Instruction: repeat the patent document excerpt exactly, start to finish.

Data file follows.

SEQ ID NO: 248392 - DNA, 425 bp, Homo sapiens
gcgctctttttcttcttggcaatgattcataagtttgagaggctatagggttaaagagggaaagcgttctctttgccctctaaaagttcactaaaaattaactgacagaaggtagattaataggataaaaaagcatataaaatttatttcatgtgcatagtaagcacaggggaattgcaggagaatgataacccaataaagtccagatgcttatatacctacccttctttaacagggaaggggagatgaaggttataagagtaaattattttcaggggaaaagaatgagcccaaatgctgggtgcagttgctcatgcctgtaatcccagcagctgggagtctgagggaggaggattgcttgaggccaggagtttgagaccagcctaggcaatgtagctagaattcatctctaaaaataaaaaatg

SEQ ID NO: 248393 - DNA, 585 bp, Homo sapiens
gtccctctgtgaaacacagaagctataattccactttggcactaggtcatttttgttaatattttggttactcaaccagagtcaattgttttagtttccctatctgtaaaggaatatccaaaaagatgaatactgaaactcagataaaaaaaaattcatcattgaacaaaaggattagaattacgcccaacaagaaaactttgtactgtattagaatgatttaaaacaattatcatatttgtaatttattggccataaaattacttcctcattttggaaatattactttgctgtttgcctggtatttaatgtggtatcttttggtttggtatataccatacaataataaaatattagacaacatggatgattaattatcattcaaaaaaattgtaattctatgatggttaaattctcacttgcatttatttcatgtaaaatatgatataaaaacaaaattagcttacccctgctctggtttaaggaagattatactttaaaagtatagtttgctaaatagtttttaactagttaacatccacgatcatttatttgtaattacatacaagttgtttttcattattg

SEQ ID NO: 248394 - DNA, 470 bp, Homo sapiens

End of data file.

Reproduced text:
SEQ ID NO: 248392 - DNA, 425 bp, Homo sapiens
gcgctctttttcttcttggcaatgattcataagtttgagaggctatagggttaaagagggaaagcgttctctttgccctctaaaagttcactaaaaattaactgacagaaggtagattaataggataaaaaagcatataaaatttatttcatgtgcatagtaagcacaggggaattgcaggagaatgataacccaataaagtccagatgcttatatacctacccttctttaacagggaaggggagatgaaggttataagagtaaattattttcaggggaaaagaatgagcccaaatgctgggtgcagttgctcatgcctgtaatcccagcagctgggagtctgagggaggaggattgcttgaggccaggagtttgagaccagcctaggcaatgtagctagaattcatctctaaaaataaaaaatg

SEQ ID NO: 248393 - DNA, 585 bp, Homo sapiens
gtccctctgtgaaacacagaagctataattccactttggcactaggtcatttttgttaatattttggttactcaaccagagtcaattgttttagtttccctatctgtaaaggaatatccaaaaagatgaatactgaaactcagataaaaaaaaattcatcattgaacaaaaggattagaattacgcccaacaagaaaactttgtactgtattagaatgatttaaaacaattatcatatttgtaatttattggccataaaattacttcctcattttggaaatattactttgctgtttgcctggtatttaatgtggtatcttttggtttggtatataccatacaataataaaatattagacaacatggatgattaattatcattcaaaaaaattgtaattctatgatggttaaattctcacttgcatttatttcatgtaaaatatgatataaaaacaaaattagcttacccctgctctggtttaaggaagattatactttaaaagtatagtttgctaaatagtttttaactagttaacatccacgatcatttatttgtaattacatacaagttgtttttcattattg

SEQ ID NO: 248394 - DNA, 470 bp, Homo sapiens